League intends to sideline players not following new padding guidelines
The National Football League has made it mandatory for players to wear knee and thigh pads beginning with the upcoming season. Many players, especially at the wide receiver and defensive back positions, have elected not to wear the padding in previous years (such as Seattle’s Sidney Rice and Atlanta’s Asante Samuel, pictured).
Players could expect a hit to their wallets for not conforming to uniform policy stipulations such as shoe and sock color. However, the league plans to take the discipline a step further if players plan to willfully violate the new policy on padding. According to Tom Pelissero of USA Today, the NFL will pull a player from the game if they are not complying with the rule changes.
“The more important deterrent, quite frankly, is that player will be removed from the game, and no player wants to miss time on game day,” NFL vice president of football operations Merton Hanks said. “The coaches certainly have voiced their opinion — that’s not something they’re willing to tolerate. Can you imagine having a player that you’ve designed a play for not in the game because he’s chosen not to adhere to the padding options that every other player has to adhere to?”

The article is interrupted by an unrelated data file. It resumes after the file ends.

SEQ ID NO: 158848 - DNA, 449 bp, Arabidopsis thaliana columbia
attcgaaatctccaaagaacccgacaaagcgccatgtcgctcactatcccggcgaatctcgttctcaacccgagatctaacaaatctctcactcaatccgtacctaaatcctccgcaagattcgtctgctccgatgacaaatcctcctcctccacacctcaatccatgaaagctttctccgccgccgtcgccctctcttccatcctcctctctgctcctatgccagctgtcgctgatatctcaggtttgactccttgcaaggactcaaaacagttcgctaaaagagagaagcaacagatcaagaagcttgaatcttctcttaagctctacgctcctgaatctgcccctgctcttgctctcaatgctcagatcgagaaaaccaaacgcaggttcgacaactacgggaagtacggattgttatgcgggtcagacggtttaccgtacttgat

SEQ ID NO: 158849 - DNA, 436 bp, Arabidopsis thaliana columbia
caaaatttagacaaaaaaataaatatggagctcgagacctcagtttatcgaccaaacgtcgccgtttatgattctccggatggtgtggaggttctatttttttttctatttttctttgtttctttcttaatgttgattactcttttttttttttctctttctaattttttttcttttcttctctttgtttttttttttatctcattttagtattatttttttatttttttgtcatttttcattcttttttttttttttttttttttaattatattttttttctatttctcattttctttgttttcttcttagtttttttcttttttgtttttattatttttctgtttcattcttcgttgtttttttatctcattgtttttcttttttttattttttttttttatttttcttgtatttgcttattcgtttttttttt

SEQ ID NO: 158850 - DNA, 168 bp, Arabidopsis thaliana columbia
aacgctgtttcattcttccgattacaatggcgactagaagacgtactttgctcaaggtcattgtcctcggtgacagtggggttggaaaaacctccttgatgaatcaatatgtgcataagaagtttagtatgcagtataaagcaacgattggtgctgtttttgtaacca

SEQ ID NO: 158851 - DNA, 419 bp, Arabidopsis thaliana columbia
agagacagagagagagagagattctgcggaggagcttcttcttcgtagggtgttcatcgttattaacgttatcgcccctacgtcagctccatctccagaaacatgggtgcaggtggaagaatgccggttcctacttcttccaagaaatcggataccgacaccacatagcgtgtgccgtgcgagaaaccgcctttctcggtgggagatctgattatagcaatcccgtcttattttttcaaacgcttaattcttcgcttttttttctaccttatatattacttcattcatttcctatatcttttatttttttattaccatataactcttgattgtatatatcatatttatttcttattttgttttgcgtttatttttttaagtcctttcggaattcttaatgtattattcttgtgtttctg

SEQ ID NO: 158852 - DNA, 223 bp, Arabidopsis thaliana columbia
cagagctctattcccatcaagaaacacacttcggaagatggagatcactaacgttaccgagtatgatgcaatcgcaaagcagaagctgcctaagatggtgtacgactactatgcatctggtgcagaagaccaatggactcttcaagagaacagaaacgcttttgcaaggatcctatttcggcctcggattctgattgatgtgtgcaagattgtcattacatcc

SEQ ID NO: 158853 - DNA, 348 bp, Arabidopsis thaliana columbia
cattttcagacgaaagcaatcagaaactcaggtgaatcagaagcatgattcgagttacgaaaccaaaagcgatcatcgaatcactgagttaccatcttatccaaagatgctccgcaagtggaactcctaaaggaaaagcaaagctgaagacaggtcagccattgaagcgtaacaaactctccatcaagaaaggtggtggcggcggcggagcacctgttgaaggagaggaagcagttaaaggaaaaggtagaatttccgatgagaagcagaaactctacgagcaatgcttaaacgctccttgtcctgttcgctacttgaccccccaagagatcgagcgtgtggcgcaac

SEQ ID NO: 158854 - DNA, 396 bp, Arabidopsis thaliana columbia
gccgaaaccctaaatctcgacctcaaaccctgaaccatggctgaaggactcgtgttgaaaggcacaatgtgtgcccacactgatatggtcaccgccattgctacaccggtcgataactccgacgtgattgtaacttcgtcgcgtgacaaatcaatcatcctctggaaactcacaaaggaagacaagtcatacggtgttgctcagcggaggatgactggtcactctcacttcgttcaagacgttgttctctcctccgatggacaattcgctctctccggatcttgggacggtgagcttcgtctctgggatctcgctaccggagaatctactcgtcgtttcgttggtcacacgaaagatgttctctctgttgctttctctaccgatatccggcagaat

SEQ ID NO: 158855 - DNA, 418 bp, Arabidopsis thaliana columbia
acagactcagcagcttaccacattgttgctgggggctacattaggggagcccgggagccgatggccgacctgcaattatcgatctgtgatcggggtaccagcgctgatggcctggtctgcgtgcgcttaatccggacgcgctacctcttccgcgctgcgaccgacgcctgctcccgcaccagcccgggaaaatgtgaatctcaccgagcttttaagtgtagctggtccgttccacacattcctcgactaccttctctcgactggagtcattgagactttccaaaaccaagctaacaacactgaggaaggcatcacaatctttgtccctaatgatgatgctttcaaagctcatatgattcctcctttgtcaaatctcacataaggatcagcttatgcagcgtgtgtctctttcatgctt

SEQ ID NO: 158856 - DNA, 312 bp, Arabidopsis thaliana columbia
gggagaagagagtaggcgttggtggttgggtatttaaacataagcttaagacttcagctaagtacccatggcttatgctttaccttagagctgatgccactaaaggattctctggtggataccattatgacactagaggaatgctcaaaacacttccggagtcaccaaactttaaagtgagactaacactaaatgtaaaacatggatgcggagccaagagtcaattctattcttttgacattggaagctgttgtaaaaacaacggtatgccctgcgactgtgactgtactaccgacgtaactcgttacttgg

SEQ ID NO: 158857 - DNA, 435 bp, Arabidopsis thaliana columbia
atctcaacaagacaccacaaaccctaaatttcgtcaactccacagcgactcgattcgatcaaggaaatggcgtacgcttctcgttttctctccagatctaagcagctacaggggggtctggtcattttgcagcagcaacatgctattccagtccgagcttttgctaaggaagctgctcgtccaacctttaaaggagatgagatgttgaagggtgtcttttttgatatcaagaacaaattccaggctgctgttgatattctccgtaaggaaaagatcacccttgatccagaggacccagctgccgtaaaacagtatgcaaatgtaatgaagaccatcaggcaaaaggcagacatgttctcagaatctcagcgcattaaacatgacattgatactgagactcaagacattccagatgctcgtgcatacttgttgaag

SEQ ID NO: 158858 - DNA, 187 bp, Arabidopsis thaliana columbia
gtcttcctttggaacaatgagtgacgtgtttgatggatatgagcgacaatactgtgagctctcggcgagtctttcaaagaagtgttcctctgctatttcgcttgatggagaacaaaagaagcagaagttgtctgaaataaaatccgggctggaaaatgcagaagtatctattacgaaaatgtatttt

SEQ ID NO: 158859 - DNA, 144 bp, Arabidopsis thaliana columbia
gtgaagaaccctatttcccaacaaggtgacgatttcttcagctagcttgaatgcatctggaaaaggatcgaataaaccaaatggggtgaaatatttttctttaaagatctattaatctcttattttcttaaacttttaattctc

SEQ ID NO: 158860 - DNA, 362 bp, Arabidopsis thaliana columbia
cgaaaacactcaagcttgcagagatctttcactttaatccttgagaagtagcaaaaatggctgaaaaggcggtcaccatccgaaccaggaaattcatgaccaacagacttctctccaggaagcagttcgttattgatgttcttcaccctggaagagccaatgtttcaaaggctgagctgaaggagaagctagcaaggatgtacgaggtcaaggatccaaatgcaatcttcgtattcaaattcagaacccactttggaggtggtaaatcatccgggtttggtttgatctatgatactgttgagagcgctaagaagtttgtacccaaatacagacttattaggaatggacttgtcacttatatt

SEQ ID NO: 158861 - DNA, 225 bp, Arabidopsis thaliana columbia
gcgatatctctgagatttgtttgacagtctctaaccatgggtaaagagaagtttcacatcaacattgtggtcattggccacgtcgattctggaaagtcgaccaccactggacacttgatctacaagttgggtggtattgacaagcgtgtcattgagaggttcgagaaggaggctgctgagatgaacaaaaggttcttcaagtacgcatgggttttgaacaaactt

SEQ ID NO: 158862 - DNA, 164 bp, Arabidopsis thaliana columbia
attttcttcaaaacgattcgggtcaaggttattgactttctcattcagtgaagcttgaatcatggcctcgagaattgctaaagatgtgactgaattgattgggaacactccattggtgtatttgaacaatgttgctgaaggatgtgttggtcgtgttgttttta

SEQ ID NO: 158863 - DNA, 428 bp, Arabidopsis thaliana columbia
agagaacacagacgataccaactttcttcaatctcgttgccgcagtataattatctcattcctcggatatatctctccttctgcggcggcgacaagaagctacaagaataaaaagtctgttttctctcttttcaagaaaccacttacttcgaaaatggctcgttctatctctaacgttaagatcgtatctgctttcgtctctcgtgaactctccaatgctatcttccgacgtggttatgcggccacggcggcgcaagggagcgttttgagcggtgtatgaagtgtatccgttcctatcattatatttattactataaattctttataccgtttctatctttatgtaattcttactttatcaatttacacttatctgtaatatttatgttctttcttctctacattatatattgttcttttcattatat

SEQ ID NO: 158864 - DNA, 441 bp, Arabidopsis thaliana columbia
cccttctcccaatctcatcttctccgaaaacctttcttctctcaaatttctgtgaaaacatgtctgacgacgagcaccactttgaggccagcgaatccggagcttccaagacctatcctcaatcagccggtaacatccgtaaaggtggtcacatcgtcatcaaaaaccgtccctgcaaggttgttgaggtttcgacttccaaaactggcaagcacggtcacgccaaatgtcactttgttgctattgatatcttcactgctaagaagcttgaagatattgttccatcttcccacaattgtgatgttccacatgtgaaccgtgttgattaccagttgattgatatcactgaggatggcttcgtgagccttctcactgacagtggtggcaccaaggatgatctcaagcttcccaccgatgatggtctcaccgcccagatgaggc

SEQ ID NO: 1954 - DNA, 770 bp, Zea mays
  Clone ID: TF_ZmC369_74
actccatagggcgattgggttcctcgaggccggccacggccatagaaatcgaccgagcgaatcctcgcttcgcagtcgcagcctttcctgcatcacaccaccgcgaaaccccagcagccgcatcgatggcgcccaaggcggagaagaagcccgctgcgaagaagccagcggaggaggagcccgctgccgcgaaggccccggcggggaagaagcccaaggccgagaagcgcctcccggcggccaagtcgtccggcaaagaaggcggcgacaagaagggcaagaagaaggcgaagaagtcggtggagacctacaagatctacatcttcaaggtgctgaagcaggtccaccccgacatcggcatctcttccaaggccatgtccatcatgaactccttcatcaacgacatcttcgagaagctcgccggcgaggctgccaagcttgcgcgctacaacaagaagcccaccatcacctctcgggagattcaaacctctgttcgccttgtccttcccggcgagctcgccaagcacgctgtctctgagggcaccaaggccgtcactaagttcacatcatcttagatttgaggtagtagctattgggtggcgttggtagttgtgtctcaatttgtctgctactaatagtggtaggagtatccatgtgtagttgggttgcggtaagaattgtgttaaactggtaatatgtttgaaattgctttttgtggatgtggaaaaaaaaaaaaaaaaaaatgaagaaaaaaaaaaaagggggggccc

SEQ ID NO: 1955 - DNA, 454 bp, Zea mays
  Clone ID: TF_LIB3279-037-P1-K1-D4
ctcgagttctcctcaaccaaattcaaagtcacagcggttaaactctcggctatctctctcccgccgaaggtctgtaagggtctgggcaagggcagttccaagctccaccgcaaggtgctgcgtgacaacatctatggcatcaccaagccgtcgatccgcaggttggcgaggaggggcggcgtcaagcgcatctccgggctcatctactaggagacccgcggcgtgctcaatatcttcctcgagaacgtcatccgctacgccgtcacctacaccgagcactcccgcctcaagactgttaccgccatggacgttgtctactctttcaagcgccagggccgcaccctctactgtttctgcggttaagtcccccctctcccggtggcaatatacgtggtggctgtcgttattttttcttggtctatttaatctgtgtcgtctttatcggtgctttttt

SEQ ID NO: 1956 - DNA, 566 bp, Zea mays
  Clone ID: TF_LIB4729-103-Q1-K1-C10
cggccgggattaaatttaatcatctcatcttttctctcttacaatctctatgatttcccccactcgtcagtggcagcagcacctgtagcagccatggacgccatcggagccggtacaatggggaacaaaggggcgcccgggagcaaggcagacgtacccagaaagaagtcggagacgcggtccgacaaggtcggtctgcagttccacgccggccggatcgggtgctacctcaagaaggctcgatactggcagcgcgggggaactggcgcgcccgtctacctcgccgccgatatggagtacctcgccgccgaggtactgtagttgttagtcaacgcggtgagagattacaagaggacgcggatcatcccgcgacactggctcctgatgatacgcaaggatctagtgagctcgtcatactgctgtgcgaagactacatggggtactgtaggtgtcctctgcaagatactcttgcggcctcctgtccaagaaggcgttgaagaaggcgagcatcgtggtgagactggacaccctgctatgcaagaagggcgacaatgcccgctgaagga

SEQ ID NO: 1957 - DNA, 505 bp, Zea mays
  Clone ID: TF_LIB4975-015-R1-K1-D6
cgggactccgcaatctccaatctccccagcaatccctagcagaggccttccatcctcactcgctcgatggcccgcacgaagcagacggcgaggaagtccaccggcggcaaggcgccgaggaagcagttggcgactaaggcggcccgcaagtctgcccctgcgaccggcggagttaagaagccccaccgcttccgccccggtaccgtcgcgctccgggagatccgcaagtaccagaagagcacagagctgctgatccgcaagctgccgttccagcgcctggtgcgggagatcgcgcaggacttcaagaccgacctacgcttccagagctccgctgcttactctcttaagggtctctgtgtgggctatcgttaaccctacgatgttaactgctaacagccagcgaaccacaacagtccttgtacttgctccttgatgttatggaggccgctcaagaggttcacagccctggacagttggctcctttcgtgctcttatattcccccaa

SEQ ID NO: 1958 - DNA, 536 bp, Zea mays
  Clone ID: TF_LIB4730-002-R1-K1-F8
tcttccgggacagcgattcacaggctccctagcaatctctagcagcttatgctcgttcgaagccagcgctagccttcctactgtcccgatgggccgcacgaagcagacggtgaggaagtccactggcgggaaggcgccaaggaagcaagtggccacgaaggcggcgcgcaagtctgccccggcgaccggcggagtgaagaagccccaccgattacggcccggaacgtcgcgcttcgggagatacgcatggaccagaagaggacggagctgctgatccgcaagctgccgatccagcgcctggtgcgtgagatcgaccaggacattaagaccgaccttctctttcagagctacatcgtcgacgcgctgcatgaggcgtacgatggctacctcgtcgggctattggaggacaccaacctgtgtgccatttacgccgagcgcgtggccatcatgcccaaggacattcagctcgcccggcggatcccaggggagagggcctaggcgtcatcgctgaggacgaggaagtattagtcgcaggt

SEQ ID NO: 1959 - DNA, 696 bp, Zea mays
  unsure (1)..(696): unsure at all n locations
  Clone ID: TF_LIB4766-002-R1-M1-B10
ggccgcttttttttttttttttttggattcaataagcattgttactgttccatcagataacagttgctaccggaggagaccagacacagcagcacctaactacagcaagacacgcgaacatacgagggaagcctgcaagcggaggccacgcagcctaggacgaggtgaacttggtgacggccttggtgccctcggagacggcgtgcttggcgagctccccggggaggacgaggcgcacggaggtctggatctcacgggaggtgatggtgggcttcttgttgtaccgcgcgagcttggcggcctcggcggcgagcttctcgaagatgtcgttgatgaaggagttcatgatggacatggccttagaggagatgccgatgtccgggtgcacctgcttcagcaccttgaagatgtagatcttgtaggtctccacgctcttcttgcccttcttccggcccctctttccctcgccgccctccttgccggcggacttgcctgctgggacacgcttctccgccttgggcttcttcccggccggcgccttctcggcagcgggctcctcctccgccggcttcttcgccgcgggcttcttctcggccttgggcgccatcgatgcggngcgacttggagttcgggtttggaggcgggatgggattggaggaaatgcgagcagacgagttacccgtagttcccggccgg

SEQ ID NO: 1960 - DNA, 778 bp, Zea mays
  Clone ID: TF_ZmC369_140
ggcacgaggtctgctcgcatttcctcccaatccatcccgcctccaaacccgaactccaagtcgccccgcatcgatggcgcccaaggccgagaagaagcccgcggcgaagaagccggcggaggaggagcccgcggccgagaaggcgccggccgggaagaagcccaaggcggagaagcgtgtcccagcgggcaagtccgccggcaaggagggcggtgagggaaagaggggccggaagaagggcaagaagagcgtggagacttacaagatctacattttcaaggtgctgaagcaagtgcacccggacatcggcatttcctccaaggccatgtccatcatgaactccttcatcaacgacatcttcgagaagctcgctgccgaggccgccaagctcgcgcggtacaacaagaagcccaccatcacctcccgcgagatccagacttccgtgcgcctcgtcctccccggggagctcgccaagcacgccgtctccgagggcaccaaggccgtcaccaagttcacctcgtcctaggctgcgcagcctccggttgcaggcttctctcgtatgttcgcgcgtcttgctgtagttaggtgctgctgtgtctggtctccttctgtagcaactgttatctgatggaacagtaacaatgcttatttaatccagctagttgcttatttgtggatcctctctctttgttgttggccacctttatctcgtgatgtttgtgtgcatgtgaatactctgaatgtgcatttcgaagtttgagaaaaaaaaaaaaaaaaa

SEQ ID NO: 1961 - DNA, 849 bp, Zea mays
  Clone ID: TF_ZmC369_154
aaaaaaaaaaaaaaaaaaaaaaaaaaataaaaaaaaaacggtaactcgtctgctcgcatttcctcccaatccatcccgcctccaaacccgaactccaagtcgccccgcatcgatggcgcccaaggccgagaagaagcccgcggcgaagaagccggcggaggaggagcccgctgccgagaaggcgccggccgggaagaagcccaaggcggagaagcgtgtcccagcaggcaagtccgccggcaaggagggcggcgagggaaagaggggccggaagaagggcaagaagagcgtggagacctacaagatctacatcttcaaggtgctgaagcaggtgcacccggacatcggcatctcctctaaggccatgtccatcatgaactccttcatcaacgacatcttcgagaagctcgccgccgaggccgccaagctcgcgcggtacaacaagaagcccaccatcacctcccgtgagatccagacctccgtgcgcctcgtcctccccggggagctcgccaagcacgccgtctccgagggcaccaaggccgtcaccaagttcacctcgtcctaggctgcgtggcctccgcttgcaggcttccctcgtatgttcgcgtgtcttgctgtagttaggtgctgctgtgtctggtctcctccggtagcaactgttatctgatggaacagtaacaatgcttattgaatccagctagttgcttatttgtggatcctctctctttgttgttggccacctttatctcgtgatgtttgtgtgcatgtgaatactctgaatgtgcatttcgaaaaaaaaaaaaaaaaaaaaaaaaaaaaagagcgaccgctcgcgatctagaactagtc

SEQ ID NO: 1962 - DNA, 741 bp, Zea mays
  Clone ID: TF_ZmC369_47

Many players have been critical of the new policy. Dallas Cowboys safety Barry Church said having to wear the pads was “going to stink.” San Diego Chargers linebacker Jarrett Johnson called it “a P.R. stunt” and Denver Broncos cornerback Quentin Jammer said it was “dumb.”
Cleveland Browns wide receiver Greg Little steadfastly declared he wouldn’t wear the pads.
Nominal fines haven’t deterred players from violating uniform rules in the past so the league has decided to take away something that matters a bit more - their playing time. Uniform inspectors will survey the players beginning in pregame activities and will notify the teams if any adjustments need to be made. If a player doesn’t comply with the requests they will be sidelined until they do. Fines are still possible as well for violations.
Ultimately Hanks doesn’t feel it will be a major issue for the players to adjust to the changes.
“We anticipate, quite frankly, minimal action in this regard and would love to be 100-percent,” Hanks said. “Wearing thigh and knee pads is no different than wearing a helmet and shoulder pads. We won’t allow you to play without a helmet on, either.”